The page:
Engagement of families in ICU from the nursing staff perspective
Price, A. M., Brysiewicz, P., Eggenberger, S. and Naef, R. 2019. Engagement of families in ICU from the nursing staff perspective.
|Authors||Price, A. M., Brysiewicz, P., Eggenberger, S. and Naef, R.|
This research was part of an international collaboration supported by the Family Care in Acute and Critical Illness Research Cluster which is supported by the International Family Nursing Association. This presentation will focus on the findings of the UK aspect of the research.
Data were collected including demographic information, individual semi-structured qualitative interviews which were transcribed, and a questionnaire ‘Factors That Influence Family Engagement (QFIFE)’ (Hetland, Hickman, McAndrew, & Daly, 2017).
One intensive care unit in the South East of England was used for this study. Permanent members of the nursing team were invited to participate. Analysis was undertaken using a statistic package (SPSS version 21) for questionnaire data and a content analysis approach for qualitative data.
Ethical approval was gained from the University and Gray Area Project approval from the healthcare organisation.
Initial analysis suggests that nurses regulate family engagement to ensure safety of patients and to promote recovery. Families need encouragement from ICU nurses to engage in a meaningful way. Building rapport and setting boundaries are skills needed by nurses and families value explanation of care.
|Conference||British Association of Critical Care Nurses conference|
|Funder||British Association of Critical Care Nurses|
Bronfenbrenner, U. (1979). The ecology of human development: Experiments by nature and design. Cambridge, MA: Harvard University Press.
Burns, K.E.A.; Misak, C.; Herridge, M.; Meade, M.O.; Oczkowski, S. (2018) Pateint and family engagement in the ICU: Untapped opporutnities and underrecognized challenges. American Journal of Respiratory and Critical Care Medicine. 198 (3): 310-319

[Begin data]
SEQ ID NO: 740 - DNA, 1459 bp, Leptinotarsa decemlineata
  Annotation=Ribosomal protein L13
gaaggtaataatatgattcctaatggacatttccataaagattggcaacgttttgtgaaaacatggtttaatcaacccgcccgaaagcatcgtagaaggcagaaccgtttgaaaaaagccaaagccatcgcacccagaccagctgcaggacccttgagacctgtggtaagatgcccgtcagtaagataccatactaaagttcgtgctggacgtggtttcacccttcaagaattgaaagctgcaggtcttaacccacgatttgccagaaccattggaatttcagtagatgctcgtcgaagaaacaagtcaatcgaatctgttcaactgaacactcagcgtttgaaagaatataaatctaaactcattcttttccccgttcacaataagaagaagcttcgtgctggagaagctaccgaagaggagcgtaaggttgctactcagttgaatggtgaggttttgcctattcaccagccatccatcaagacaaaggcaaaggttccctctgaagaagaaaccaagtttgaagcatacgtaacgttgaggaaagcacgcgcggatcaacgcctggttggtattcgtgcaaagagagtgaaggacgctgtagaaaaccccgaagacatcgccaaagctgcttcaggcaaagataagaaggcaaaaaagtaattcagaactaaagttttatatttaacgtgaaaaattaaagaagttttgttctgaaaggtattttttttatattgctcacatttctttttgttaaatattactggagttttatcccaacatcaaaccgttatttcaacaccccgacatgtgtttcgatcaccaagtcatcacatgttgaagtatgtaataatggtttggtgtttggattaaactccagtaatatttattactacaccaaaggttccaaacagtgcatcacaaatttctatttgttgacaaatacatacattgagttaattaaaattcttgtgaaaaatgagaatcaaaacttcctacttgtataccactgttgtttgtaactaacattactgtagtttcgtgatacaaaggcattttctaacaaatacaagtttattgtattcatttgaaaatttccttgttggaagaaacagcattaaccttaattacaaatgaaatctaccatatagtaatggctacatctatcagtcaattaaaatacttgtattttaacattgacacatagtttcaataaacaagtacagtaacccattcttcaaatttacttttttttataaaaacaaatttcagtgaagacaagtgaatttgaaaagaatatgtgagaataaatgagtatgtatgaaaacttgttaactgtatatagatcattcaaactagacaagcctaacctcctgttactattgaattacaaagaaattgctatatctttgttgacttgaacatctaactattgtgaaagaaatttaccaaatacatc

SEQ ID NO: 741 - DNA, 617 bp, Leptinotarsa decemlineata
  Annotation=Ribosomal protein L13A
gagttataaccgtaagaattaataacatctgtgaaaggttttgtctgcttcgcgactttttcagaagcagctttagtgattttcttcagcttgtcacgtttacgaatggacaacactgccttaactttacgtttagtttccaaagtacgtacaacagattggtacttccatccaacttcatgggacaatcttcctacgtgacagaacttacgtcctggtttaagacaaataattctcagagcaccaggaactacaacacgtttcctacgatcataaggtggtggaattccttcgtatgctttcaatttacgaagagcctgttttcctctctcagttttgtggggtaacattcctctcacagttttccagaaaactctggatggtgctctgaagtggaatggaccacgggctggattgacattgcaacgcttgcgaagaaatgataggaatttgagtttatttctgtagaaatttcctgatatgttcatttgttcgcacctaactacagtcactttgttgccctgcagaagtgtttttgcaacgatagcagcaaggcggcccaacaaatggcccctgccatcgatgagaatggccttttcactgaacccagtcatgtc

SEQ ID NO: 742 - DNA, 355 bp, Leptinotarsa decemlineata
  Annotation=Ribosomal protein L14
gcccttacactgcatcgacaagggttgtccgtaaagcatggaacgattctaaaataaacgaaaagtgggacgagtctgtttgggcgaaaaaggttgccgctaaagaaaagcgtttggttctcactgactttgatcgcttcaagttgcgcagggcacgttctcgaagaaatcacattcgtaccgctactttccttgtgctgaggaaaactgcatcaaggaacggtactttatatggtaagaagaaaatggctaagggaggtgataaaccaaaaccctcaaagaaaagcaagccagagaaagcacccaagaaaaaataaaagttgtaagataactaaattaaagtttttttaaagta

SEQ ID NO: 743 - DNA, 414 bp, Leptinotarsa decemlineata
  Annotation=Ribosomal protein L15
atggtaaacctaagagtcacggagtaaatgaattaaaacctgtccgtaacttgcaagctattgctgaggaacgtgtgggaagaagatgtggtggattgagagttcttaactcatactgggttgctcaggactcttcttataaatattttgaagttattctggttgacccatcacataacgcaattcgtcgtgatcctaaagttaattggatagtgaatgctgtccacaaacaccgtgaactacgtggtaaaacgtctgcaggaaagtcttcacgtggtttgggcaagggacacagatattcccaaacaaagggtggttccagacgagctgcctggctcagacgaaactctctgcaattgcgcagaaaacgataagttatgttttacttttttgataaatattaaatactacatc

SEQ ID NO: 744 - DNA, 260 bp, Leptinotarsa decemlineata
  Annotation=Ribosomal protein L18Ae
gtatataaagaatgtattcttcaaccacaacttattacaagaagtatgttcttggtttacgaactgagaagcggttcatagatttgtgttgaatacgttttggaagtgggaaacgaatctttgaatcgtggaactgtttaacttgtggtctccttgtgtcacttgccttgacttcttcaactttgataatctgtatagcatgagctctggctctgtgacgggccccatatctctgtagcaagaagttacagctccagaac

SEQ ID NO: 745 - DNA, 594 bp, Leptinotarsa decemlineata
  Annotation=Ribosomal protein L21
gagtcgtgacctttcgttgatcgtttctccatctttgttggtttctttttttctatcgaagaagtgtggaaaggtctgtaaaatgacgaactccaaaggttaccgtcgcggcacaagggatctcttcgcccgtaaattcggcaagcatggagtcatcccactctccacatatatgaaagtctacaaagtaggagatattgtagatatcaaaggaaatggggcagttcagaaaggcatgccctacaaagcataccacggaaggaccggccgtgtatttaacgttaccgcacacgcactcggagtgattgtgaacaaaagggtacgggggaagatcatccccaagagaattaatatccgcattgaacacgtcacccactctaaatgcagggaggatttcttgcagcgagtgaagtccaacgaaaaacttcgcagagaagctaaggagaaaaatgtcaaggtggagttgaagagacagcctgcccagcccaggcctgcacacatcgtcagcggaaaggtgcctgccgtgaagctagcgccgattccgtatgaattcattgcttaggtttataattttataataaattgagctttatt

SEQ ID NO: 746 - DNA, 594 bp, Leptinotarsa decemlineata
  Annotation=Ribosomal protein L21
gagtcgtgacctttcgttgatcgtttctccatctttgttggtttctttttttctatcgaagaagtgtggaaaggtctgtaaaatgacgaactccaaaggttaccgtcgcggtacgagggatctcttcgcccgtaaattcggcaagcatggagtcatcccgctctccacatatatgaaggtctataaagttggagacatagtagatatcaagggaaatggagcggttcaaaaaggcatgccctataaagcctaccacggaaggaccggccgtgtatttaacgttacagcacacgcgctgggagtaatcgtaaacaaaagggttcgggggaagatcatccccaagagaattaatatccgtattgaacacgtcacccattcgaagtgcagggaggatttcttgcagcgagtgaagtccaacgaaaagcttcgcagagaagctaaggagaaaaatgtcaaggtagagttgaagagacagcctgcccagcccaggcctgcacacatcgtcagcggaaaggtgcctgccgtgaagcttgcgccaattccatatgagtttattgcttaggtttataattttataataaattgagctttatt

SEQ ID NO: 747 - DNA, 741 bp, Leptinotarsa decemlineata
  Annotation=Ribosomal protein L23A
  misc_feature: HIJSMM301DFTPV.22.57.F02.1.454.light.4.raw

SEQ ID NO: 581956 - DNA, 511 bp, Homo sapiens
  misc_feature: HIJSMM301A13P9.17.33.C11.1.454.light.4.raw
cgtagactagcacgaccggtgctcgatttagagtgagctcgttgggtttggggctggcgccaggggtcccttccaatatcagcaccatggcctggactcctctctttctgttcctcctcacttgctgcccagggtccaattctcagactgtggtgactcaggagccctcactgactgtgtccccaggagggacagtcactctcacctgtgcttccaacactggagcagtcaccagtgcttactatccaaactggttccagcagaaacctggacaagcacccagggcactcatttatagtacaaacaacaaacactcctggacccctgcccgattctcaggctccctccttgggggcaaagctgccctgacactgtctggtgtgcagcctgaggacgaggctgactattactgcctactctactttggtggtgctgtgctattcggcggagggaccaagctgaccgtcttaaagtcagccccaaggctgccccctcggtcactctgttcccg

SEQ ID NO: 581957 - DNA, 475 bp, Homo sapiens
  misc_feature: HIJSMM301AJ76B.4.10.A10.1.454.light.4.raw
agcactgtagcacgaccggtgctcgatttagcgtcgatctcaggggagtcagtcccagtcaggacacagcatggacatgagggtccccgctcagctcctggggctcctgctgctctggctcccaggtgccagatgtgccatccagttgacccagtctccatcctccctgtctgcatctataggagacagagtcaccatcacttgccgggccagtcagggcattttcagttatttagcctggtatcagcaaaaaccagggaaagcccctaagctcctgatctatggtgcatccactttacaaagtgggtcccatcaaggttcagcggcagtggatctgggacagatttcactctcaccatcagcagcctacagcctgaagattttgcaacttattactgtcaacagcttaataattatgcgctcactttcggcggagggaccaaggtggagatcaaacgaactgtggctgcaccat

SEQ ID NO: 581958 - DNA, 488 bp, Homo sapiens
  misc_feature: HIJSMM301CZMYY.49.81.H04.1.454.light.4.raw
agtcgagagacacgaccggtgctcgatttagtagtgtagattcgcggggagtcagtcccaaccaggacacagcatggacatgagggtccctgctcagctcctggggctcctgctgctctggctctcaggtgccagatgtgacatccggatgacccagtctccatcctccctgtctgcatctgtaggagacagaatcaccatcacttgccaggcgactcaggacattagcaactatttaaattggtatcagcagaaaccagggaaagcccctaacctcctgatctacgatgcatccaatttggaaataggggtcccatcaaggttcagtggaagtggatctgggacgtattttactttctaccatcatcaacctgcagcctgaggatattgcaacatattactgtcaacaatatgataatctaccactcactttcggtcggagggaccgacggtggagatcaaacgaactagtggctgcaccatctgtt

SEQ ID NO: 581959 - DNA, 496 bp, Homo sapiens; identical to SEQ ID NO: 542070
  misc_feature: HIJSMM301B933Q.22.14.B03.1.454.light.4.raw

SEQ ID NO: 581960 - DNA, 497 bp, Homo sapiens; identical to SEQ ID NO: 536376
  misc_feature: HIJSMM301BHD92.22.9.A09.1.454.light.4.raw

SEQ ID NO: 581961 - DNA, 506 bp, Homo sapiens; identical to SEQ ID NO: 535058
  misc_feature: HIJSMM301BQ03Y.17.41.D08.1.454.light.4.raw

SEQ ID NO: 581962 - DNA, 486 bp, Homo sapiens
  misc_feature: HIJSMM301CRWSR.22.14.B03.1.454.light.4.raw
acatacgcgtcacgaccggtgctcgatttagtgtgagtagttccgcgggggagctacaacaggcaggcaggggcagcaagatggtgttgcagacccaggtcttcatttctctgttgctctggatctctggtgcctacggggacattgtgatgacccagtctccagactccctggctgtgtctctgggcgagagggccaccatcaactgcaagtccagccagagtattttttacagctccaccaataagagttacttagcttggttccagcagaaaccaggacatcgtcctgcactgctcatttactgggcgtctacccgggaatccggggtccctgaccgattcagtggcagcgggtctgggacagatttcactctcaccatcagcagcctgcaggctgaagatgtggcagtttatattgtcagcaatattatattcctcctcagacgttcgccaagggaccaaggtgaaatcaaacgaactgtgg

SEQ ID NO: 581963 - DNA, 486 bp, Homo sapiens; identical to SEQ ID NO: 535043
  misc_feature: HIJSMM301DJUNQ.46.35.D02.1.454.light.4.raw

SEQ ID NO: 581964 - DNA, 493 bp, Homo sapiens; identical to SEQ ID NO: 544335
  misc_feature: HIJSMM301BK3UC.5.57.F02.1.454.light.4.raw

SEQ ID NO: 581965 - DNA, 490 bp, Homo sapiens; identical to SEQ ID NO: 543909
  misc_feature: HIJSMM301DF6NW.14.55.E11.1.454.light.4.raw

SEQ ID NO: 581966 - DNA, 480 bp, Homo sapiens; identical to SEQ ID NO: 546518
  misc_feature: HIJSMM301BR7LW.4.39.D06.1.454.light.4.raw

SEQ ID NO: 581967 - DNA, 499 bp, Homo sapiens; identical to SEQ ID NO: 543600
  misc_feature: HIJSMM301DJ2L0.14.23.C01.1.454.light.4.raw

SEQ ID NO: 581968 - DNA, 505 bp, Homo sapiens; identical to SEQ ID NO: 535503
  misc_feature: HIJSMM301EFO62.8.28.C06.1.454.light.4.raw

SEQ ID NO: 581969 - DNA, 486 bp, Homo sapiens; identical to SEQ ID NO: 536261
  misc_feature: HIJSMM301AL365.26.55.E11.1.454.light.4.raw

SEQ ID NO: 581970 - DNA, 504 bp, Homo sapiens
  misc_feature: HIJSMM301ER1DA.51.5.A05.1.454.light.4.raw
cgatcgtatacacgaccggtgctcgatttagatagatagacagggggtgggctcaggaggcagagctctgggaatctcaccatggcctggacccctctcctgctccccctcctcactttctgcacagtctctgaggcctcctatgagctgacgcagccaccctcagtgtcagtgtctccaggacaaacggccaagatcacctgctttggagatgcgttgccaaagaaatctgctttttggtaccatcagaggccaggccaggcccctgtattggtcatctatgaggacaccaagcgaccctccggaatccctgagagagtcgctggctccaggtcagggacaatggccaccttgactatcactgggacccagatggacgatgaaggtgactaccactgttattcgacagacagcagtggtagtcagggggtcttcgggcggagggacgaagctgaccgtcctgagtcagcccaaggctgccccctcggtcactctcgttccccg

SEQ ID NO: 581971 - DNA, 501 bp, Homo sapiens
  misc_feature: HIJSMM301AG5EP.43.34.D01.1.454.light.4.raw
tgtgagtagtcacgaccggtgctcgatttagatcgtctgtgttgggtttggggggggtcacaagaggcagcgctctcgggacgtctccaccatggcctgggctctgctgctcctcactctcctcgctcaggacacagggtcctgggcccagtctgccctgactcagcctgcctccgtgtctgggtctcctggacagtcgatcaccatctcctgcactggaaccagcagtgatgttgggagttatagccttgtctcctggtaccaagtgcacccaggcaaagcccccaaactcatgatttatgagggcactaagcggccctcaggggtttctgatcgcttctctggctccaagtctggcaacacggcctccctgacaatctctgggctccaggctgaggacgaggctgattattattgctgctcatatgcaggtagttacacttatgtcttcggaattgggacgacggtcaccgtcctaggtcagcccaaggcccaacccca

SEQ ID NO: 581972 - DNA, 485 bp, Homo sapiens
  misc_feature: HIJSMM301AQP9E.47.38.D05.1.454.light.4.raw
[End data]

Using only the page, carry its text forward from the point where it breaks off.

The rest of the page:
Hetland, B., Hickman, R. McAndrew, N. & Daly, B. (2017). Factors that influence active family engagement in care among critical care nurses. AACN Advanced Critical Care, 28(2), 160-170.
Acknowledgements – Members of the International Research team.
Patricia Beierwaltes DNP, CPNP School of Nursing Minnesota State University, Mankato, USA.
Vico C.L. Chiang PhD, RN, FHKAN (Critical Care), FHKAN (Research & Education - Education). The Hong Kong Polytechnic University, Hong Kong.
David Clisbee MFA, MA TESL / Applied Linguistics Technology Expert and SupportComputer Information Science Department, Minnesota State University, Mankato, USA.
Natalie S. McAndrew PhD, RN, ACNS-BC, CCRN, Assistant Professor College of Nursing, University of Wisconsin-Milwaukee.
Martin Nagl-Cupal PhD, RN Department of Nursing Science, University of Vienna, Vienna, Austria.
Anna Richardson RN, MPH (Distinction) Department of Nursing, Midwifery and Allied Health, Christchurch, New Zealand.
Sandra Richardson PhD, The Centre for Postgraduate Nursing Studies, Christchurch School of Medicine and Health Sciences & University of Otago & Christchurch High Acuity and Emergency Department, New Zealand.
Tara M. Tehan MSN, MBA, RN, NE-BC, SCRN Massachusetts General Hospital Neuroscience Intensive Care Unit & PhD Student, Graduate School of Nursing, University of Massachusetts Worcester, USA.
Jennifer de Beer PhD Critical Care Nursing at College of Nursing- Jeddah, Kingdom of Saudi Arabia.
Amanda Towell-Barnard School of Nursing and Midwifery, Edith Cowan University & Centre for Nursing Research, Sir Charles Gairdner Hospital, Perth, Australia.
Beverly Ewens, School of Nursing and Midwifery, Edith Cowan University, Perth, Australia.
Sonja J. Meiers PhD, RN, PHN Professor and Director of Graduate Programs in Nursing Winona State University-Rochester, MN.
Victoria Stirrup Research Assistant, Canterbury Christ Church University.
|Publication process dates|
|Deposited||22 May 2019|
|Accepted||20 May 2019|
|Accepted author manuscript|
8views this month
2downloads this month